Misfortune has its funny side, and doctors see a lot of it. But a patient who hears that he faces salami surgery will not see the joke

"Hello sir. You don't mind if I teach the students on you, do you? Jolly good. Now, this chap's got peripheral vascular disease and today I'm going to chop his toes off. Of course, that'll only be a temporary solution. He'll be back with gangrene in a few months and I'll have to take off half the foot. Then the whole foot, the lower leg and gradually over the course of the next few years I'll be working my way up to the knee and above. I call it salami surgery. Any questions?" I've got one. Do consultant surgeons really still speak to patients like that in 1997, or have I just made it all up for a cheap, sensationalist, column-opening? Well, I wasn't there at the time but I'm reliably informed by a medical student that this particular incident of bedside teaching really did take place. Last week.

Shortly afterwards in the doctors' mess, the same student stumbled across some junior surgeons discussing their career options. "Do you put wife before knife, or knife before wife?" "Knife." "Before wife?" "Of course." "Absolutely." When she pointed out that comparing a life soul-mate unfavourably with a scalpel was a tad disrespectful, she was treated with derision. "Oh no, we've got another lefty lesbian on our hands." I could go on but you get the picture. There are still plenty of surgeons out there who make Martin Clunes seem like Germaine Greer. And they're proud of it.

To be fair, you do need to make enormous personal sacrifices to reach the top in surgery, and brainless hectoring is one way of coping with a very stressful job. Likewise, laughing at misfortune. When I asked a group of medical students whether it was possible to have a sick "salami surgery" sense of humour and be a good doctor, most not only agreed but declared it essential. As one put it; "All humour is laughing at misfortune, and if you're surrounded by it every day you're bound to laugh at it more than, say, someone who works in Thorntons." "Surely if you work in a chocolate shop you see lots of unfortunate fat people?" "Yes, but they're not going to buy your chocolates if you laugh at them, so you don't do it. At least not in front of them."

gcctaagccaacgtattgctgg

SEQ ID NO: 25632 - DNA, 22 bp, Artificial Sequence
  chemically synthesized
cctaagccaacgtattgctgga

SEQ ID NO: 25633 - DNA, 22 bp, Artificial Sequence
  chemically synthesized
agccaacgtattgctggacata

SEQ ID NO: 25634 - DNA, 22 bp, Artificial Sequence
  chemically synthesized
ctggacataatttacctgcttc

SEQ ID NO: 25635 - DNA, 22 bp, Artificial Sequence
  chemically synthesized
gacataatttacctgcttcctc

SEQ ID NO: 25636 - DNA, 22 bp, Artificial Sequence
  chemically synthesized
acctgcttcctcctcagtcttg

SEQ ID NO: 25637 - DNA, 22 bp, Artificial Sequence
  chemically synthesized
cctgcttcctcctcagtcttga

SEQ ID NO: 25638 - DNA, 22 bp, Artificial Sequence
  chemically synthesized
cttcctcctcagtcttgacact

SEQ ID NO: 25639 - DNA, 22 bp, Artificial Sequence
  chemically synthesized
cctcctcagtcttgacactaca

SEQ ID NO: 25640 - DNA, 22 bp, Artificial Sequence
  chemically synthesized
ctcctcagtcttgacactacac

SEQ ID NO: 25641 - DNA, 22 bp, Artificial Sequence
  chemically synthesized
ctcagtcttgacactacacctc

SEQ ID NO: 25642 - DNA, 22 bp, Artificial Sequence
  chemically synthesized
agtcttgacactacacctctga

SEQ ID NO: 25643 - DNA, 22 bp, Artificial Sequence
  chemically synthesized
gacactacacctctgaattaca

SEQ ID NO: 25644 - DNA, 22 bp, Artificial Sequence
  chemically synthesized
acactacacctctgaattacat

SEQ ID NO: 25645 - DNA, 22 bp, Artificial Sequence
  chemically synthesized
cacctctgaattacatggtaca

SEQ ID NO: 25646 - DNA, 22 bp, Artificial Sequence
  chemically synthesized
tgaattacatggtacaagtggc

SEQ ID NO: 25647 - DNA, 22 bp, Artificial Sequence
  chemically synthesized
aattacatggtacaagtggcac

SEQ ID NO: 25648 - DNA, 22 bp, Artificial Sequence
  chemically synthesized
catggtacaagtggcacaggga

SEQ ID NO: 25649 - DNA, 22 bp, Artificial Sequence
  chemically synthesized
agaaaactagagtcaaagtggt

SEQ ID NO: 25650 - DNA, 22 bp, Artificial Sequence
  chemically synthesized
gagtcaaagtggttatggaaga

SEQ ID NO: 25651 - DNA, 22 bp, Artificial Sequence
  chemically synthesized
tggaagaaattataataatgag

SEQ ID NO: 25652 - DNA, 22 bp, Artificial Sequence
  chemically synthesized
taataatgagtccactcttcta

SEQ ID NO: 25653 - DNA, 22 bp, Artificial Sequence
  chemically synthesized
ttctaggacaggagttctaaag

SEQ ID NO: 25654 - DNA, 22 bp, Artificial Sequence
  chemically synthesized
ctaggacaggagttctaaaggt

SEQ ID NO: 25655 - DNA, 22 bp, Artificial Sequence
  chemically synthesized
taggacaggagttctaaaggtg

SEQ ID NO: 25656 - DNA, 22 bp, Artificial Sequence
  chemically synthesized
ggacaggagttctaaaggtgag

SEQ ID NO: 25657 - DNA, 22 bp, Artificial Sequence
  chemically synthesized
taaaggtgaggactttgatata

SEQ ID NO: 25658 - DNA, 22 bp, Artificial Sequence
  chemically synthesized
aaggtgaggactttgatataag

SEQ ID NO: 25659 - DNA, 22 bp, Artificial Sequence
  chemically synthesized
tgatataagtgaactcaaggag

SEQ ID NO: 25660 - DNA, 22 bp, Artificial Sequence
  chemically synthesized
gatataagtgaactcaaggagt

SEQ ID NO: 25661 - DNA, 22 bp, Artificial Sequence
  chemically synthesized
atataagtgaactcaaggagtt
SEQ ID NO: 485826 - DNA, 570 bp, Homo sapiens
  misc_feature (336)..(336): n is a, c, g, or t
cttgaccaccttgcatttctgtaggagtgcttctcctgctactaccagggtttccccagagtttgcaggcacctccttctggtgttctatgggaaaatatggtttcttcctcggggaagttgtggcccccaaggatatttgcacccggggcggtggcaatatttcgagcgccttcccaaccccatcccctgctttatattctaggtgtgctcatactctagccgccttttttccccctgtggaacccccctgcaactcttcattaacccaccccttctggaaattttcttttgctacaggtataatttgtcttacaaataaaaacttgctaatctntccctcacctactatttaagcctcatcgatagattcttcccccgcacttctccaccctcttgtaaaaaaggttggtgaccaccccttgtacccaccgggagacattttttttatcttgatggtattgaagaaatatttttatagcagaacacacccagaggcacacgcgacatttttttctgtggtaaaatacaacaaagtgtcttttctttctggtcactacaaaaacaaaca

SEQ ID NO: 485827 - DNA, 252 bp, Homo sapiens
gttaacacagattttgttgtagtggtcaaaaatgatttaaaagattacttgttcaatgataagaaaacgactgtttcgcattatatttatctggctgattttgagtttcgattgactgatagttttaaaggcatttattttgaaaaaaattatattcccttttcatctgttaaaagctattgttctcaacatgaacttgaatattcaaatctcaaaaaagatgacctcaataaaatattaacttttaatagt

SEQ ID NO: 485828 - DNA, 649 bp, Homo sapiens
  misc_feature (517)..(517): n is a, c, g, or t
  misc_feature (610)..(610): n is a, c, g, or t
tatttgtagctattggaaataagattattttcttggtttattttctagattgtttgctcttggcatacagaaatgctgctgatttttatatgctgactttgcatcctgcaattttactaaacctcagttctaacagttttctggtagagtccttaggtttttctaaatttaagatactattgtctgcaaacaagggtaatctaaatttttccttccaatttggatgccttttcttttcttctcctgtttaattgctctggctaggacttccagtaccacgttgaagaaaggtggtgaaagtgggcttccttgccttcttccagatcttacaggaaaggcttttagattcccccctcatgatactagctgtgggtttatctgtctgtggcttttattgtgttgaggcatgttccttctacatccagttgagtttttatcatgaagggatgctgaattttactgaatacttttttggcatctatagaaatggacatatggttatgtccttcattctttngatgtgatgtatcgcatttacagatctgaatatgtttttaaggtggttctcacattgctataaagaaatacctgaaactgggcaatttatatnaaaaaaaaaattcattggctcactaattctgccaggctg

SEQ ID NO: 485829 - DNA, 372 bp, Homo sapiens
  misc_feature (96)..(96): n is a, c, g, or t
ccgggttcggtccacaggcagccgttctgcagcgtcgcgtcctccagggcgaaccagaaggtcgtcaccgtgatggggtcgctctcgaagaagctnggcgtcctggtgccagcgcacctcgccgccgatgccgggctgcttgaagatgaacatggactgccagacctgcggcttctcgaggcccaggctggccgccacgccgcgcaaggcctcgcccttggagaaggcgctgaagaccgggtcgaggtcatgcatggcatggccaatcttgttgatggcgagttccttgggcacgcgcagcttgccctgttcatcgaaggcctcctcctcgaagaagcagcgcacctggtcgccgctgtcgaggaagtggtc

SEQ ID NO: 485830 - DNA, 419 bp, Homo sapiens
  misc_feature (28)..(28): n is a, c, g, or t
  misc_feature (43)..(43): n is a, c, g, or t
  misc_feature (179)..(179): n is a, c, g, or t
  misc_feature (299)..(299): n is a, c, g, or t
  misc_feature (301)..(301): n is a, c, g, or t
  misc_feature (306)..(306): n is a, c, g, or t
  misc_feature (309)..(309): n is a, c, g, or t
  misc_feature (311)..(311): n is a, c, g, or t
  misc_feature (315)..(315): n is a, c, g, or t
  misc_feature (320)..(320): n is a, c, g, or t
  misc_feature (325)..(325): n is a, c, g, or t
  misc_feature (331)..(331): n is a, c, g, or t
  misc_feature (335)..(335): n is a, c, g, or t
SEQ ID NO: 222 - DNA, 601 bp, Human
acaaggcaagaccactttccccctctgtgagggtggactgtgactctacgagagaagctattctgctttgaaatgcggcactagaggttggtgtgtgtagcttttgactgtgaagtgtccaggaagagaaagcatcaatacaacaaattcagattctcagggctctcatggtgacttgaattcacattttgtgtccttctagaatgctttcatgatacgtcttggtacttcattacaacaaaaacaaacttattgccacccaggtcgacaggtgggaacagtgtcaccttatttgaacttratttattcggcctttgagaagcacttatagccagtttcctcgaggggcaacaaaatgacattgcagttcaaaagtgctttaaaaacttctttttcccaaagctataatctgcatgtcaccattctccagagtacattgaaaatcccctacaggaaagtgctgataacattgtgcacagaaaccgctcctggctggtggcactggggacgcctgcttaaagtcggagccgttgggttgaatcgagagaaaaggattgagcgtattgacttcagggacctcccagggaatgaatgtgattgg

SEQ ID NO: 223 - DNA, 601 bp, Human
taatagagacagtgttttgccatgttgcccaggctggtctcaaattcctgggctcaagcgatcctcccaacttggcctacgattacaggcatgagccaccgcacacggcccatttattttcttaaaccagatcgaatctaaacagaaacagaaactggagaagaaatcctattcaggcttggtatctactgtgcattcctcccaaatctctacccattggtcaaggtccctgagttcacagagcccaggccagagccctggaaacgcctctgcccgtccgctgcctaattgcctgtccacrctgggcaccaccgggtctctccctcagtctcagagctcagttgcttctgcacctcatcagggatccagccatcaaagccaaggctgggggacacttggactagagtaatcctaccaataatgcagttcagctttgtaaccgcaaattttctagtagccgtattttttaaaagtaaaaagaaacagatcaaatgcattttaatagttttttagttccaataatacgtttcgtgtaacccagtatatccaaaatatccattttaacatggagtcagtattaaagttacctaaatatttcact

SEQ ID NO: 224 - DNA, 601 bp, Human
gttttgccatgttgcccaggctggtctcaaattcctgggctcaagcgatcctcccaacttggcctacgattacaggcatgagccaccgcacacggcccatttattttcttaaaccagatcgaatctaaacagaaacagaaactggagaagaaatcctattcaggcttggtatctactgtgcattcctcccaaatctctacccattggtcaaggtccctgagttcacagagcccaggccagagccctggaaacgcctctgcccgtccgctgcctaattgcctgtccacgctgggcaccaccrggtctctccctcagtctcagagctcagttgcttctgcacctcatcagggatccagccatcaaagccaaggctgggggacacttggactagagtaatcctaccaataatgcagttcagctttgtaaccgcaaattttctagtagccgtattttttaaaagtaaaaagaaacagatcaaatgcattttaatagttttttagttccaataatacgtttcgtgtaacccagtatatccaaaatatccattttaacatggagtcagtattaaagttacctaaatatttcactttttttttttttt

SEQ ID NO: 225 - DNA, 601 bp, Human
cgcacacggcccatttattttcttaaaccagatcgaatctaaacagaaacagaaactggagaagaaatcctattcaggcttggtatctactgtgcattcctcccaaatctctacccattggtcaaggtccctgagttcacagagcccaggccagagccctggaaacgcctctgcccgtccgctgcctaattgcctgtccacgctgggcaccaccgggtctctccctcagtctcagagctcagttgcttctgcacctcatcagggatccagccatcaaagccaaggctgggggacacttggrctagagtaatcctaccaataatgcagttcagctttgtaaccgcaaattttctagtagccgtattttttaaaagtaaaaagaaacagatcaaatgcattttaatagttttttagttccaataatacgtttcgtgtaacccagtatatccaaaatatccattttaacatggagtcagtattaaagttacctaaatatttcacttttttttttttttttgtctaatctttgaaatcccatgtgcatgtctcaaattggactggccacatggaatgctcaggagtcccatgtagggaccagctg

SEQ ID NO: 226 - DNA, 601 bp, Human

And there's the rub. The students decided it was both ethical and practical to have prejudicial or disrespectful attitudes in the privacy of your own mess or coffee room in a "you've got to laugh or you'll go under" sort of way, provided they don't spill out in a consultation. This, it appears, is where surgeons fall down. "Some of them say exactly the same things in public as they do in private." "Isn't that just refreshing honesty?" "Not when it causes so much distress. It's as if they're so powerful and unaccountable that theirs are the only feelings that matter." Although in theory every patient has a right to a second opinion if a doctor upsets you, the practical reality is that it's very difficult. Much more difficult than say, switching chocolate sellers - unless you're prepared to pay. I'm no great fan of private medicine, but it's amazing what the promise of lucre does to a bedside manner. No one mentions salami surgery in the Balmoral Clinic.